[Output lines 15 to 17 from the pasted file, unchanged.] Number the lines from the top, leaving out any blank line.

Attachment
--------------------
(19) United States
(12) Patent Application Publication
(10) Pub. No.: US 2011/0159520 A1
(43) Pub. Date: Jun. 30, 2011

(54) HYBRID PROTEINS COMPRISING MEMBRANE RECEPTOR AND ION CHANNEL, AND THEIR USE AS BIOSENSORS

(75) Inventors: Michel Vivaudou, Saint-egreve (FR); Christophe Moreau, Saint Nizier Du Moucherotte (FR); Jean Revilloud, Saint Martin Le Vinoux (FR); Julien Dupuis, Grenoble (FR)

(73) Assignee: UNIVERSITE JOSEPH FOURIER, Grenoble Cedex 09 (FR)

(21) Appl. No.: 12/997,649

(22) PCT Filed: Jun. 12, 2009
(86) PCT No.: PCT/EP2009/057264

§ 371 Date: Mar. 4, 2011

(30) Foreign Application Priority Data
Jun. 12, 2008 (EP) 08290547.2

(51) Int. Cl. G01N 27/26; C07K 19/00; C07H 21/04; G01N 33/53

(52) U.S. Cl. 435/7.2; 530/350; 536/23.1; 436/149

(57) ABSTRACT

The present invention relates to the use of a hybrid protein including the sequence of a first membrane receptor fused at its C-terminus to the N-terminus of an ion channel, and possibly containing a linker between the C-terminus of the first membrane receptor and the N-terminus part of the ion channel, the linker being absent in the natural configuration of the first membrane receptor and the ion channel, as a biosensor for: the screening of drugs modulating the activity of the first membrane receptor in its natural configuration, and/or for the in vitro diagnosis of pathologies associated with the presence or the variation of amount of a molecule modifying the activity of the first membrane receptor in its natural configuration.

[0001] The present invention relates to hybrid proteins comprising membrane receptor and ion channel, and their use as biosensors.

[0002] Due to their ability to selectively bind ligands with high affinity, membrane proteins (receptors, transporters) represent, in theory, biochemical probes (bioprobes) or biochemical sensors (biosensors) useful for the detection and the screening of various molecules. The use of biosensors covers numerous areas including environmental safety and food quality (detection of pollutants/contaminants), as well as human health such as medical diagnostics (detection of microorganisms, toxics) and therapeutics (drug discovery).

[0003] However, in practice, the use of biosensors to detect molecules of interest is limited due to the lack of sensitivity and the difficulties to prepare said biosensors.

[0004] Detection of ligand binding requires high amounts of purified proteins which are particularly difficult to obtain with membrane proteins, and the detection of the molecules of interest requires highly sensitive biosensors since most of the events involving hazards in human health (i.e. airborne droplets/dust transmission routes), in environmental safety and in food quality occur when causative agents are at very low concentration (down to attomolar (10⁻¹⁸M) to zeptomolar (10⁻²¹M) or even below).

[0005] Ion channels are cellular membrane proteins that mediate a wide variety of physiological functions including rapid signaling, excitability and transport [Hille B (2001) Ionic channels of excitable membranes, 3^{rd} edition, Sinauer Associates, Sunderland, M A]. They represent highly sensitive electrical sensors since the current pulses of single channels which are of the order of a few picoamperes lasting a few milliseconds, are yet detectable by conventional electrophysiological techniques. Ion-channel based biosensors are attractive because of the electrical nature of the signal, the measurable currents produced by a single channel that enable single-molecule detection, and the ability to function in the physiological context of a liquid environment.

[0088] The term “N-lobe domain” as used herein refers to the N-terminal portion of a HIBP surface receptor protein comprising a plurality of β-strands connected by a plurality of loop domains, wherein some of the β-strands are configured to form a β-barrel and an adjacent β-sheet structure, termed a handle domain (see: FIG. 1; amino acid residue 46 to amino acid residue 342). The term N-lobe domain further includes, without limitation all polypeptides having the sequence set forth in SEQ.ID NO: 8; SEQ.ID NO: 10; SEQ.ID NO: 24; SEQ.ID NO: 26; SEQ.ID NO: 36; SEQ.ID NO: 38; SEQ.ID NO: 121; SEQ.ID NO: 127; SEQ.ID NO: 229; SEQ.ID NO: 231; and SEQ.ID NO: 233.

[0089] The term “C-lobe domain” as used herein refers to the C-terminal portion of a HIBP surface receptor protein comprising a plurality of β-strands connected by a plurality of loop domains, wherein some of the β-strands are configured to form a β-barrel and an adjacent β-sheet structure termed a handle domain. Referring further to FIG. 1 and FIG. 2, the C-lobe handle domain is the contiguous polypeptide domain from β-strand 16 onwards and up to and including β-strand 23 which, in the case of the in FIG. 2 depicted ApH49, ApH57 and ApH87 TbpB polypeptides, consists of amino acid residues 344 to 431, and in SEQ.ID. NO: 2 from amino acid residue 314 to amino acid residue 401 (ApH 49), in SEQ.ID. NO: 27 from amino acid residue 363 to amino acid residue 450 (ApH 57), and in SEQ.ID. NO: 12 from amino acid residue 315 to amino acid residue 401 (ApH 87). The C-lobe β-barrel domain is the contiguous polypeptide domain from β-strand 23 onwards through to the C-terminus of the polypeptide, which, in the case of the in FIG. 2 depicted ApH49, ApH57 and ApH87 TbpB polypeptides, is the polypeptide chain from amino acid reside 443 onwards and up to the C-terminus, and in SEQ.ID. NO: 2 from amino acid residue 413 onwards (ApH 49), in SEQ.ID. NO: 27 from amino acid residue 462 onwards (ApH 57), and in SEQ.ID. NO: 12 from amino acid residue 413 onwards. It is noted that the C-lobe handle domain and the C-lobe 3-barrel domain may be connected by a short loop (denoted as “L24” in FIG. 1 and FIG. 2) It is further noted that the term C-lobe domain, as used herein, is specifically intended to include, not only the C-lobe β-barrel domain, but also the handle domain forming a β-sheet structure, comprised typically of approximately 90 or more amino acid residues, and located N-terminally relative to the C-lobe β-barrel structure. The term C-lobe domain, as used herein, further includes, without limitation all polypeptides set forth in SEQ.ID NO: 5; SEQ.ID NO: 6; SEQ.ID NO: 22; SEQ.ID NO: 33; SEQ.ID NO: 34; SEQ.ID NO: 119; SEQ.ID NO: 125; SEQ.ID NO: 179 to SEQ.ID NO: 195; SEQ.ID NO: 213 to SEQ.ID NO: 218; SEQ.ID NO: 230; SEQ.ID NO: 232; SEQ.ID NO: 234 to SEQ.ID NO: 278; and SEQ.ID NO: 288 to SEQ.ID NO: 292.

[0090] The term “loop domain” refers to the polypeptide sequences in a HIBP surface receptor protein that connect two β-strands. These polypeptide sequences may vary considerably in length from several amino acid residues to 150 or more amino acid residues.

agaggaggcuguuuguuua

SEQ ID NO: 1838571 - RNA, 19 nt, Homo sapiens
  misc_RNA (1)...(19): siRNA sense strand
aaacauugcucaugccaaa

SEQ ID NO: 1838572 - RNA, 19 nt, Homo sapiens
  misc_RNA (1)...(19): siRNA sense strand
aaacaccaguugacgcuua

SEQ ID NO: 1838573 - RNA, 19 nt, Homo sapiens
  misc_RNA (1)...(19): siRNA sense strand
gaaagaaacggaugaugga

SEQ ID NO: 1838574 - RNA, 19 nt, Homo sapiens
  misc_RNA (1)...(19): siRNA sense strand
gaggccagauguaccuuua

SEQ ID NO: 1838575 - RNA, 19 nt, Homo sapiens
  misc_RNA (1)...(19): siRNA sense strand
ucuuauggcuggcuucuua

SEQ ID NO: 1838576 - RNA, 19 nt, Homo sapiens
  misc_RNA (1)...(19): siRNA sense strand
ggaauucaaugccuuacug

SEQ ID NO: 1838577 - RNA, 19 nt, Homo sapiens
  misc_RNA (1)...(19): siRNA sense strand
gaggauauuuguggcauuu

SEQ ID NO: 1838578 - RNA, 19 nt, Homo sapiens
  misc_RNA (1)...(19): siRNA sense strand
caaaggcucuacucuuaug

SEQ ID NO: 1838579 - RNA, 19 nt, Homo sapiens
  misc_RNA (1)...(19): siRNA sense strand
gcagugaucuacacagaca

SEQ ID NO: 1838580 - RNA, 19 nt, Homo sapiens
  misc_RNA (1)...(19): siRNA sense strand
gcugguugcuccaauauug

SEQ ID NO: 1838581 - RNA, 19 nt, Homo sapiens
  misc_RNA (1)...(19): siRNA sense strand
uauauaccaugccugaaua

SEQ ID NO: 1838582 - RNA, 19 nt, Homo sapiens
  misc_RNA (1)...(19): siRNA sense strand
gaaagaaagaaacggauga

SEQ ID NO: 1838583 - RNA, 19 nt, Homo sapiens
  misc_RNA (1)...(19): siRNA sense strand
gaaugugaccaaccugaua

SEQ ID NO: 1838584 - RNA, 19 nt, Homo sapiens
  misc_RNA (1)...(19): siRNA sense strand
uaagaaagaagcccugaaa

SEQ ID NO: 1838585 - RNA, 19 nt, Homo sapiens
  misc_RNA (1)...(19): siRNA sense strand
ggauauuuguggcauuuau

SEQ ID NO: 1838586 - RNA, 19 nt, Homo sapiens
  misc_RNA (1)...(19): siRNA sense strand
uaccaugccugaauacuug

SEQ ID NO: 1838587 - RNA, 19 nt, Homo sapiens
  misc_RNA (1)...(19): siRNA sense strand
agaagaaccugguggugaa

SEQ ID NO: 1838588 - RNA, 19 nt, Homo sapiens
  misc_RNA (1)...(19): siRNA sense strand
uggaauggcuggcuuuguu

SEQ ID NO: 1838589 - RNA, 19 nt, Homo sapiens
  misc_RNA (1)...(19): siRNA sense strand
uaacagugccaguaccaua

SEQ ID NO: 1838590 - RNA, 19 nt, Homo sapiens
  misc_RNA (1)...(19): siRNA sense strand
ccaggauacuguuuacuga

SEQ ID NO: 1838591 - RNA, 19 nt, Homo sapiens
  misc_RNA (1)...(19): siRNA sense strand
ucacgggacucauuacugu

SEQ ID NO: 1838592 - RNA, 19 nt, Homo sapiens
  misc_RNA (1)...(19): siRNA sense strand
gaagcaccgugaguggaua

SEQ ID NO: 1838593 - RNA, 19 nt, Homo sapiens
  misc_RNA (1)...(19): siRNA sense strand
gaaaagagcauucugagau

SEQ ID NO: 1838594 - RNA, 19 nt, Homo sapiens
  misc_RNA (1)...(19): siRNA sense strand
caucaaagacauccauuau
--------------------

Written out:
(52) U.S. Cl. 435/7.2; 530/350; 536/23.1; 436/149

(57) ABSTRACT

The present invention relates to the use of a hybrid protein including the sequence of a first membrane receptor fused at its C-terminus to the N-terminus of an ion channel, and possibly containing a linker between the C-terminus of the first membrane receptor and the N-terminus part of the ion channel, the linker being absent in the natural configuration of the first membrane receptor and the ion channel, as a biosensor for: the screening of drugs modulating the activity of the first membrane receptor in its natural configuration, and/or for the in vitro diagnosis of pathologies associated with the presence or the variation of amount of a molecule modifying the activity of the first membrane receptor in its natural configuration.